Meet the Many Faces of Jim Howe
While growing up in Kansas Jim Howe longingly dreamed of "seeing the world". This dream was transformed to reality when Jim became an Associated Press foreign correspondent. He was stationed in some of the world's most exciting cities - London, Paris, Warsaw, Berlin, Brussels, Moscow, Tokyo, Peking, Shanghai, Bombay, Washington, Honolulu and San Francisto. Besides writing for most of the famous newspapers of his time, Jim Howe interviewed prominent figures of the early 20th century - Gandhi, Lindberg, George Bernard Shaw, King George and Lloyd George to name a few. As a foreign correspondent Jim spent three decades of his life trotting the globe covering World War I, the Russo-Polish war, the Sino-Japanese war, the Chinese Revolution and events such as the San Francisco earthquake. It was during his time as a World War I correspondent that Jim met his future wife, Mia, while passing through Luxembourg. Mia was the daughter of an Austrian
Howe Homestead Park was dubbed "Gopher Gulch Ranch” by Jim Howe himself because of the abundance of resident gophers on the premises. Howe purchased the property in 1910 while he was a war correspondent, and retired here in 1935. Jim and his wife, Mia, enjoyed entertaining guests with elaborate parties. Jim was widely known as an expert winemaker having been taught the art by his friend, master vintner Herman Wente. He enjoyed entertaining guests in the dark coolness of his wine cellar.
Another childhood dream was to become a reality for Jim Howe in his retirement years at "Gopher Gulch". As a young farm boy growing up in Kansas, Jim has wanted to raise pigeons, but his father would never agree to it. However, Jim became inspired while on assignment in Peking by the ancient art of Chinese flying pigeon flutes. He began raising his own flock of pigeons and collecting the delicate flutes. Jim would often entertain friends and neighbors with his birds flying overhead, flutes attached to their tail feathers, the haunting sound of flutes filling the air.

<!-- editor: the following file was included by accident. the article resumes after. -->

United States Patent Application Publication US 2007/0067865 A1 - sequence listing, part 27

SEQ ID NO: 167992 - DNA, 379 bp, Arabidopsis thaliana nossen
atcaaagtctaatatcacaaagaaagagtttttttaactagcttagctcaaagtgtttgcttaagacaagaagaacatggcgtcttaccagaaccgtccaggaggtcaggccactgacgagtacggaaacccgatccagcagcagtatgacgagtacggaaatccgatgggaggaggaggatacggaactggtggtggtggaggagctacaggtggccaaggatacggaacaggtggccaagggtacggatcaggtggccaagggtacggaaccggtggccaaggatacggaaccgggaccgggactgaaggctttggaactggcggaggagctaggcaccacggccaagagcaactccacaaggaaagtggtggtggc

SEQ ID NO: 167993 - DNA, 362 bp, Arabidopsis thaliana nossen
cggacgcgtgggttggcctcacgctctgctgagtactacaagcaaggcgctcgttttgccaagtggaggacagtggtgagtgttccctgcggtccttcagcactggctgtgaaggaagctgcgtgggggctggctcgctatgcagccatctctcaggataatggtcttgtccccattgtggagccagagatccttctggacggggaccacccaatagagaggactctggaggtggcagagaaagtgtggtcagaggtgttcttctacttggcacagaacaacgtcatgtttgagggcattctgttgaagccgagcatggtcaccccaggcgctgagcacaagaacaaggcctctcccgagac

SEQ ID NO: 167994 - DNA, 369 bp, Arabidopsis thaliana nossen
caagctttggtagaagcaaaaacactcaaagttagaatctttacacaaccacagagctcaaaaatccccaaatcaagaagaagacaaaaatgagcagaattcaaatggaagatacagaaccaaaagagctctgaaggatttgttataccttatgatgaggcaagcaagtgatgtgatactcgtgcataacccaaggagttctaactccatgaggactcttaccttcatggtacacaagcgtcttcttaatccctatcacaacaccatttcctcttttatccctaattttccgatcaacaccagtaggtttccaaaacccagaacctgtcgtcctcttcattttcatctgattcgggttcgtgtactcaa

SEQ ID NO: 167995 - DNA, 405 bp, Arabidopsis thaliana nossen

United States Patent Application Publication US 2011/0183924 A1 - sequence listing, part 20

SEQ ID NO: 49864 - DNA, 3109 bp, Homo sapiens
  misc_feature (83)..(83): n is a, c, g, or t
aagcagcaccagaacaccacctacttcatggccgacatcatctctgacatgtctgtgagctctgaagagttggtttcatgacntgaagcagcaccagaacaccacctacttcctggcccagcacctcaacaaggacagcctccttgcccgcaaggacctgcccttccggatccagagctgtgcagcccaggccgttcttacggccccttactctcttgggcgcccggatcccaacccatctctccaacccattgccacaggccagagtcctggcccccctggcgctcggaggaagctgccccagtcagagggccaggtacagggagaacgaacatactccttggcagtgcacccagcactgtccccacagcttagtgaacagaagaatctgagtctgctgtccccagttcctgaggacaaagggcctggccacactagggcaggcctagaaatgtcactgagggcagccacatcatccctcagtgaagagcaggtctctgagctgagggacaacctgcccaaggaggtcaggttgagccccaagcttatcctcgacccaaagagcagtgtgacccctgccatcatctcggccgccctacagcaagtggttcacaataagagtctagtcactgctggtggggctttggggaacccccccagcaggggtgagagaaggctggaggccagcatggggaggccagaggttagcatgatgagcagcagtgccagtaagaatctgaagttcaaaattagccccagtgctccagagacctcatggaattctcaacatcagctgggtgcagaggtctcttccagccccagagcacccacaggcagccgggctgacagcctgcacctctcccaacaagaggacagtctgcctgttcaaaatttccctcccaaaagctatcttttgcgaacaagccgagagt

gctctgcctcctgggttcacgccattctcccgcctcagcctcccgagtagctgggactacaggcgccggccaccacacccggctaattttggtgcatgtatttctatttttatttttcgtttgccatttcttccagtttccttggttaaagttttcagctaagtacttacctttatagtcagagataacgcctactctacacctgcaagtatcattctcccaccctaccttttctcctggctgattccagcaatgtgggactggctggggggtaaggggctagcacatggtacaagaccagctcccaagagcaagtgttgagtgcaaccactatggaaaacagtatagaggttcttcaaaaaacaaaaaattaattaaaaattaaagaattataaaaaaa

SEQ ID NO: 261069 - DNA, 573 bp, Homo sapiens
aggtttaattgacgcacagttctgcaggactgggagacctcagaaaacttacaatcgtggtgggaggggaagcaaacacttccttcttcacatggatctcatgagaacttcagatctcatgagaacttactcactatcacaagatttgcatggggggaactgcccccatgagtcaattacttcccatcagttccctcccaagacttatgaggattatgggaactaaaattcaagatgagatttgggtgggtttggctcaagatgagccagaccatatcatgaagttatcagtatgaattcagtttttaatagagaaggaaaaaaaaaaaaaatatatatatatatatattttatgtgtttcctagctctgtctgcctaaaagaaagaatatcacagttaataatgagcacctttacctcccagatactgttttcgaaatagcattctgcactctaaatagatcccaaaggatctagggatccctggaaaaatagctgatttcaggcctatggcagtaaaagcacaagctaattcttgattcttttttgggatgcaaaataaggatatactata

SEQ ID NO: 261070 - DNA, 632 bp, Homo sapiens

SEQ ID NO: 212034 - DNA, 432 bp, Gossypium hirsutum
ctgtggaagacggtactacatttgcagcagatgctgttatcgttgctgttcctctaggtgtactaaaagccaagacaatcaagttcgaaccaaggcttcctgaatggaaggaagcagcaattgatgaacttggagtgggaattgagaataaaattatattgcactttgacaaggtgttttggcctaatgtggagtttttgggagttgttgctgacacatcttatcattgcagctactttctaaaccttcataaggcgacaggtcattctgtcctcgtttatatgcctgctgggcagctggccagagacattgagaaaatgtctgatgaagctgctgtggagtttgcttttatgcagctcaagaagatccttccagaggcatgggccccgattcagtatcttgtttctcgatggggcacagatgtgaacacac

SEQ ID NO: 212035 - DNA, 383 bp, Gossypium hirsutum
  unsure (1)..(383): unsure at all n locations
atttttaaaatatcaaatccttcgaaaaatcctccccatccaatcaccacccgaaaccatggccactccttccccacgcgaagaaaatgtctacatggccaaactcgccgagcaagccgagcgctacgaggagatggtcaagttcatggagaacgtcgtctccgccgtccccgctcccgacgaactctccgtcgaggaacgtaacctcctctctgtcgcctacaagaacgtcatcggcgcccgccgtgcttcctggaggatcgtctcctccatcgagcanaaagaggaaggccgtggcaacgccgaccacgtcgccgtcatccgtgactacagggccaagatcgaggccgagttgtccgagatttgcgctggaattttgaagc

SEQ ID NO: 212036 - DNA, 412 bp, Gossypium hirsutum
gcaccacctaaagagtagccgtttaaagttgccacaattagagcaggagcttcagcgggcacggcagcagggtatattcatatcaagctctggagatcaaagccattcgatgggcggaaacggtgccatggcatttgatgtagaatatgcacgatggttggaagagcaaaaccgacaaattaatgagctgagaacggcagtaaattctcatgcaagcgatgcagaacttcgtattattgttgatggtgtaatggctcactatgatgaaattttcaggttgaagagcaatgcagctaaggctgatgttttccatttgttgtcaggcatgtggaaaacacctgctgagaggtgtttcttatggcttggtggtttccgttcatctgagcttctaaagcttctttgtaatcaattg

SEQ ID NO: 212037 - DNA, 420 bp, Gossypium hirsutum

Jim Howe, known locally as a country Renaissance gentleman, was also a collector, gourmet cook, grew walnuts and almonds, and created a sanctuary for pheasants, doves, quail and exotic birds on his Walnut Creek estate.
The Howe Homestead is now a "special use park"that was acquired by the City of Walnut Creek as part of its 1974 Open Space bond election.
Topics. This historical marker is listed in these topic lists: Communications • Parks & Recreational Areas. A significant historical year for this entry is 1970.
Location. 37° 53.953′ N, 122° 2.916′ W. Marker is in Walnut Creek, California, in Contra Costa County. Marker can be reached from Walnut Boulevard east of Homestead Avenue. Touch for map. Marker is at or near this postal address: 2950 Walnut Boulevard, Walnut Creek CA 94596, United States of America. Touch for directions.
Other nearby markers. At least 8 other markers are within walking distance of this marker. Southern Pacific Railroad Depot (approx. 0.6 miles away); Liberty Bell Replica (approx. 0.6 miles away); Women's Club of Walnut Creek Clubhouse (approx. 0.6 miles away); Botelho's Island & Creek Confluence (approx. 0.6 miles away); Botelho Home (approx. 0.6 miles away); Broadway Shopping Center (approx. 0.6 miles away); Harlan's Livery Stable (approx. 0.6 miles away); Downtown Traffic (approx. 0.6 miles away). Touch for a list and map of all markers in Walnut Creek.
More about this marker. The marker although not difficult to find, is not where one would ordinarily expect to see it. Rather than the usual by-the-parking-lot-at-the-pedestrian-entry, this marker is sited on the south side of the main house - an area one wouldn't be walking in except by chance.
Credits. This page was last revised on July 24, 2020. It was originally submitted on July 24, 2020, by Andrew Ruppenstein of Sacramento, California. This page has been viewed 84 times since then and 21 times this year. Photos: 1, 2. submitted on July 24, 2020, by Andrew Ruppenstein of Sacramento, California.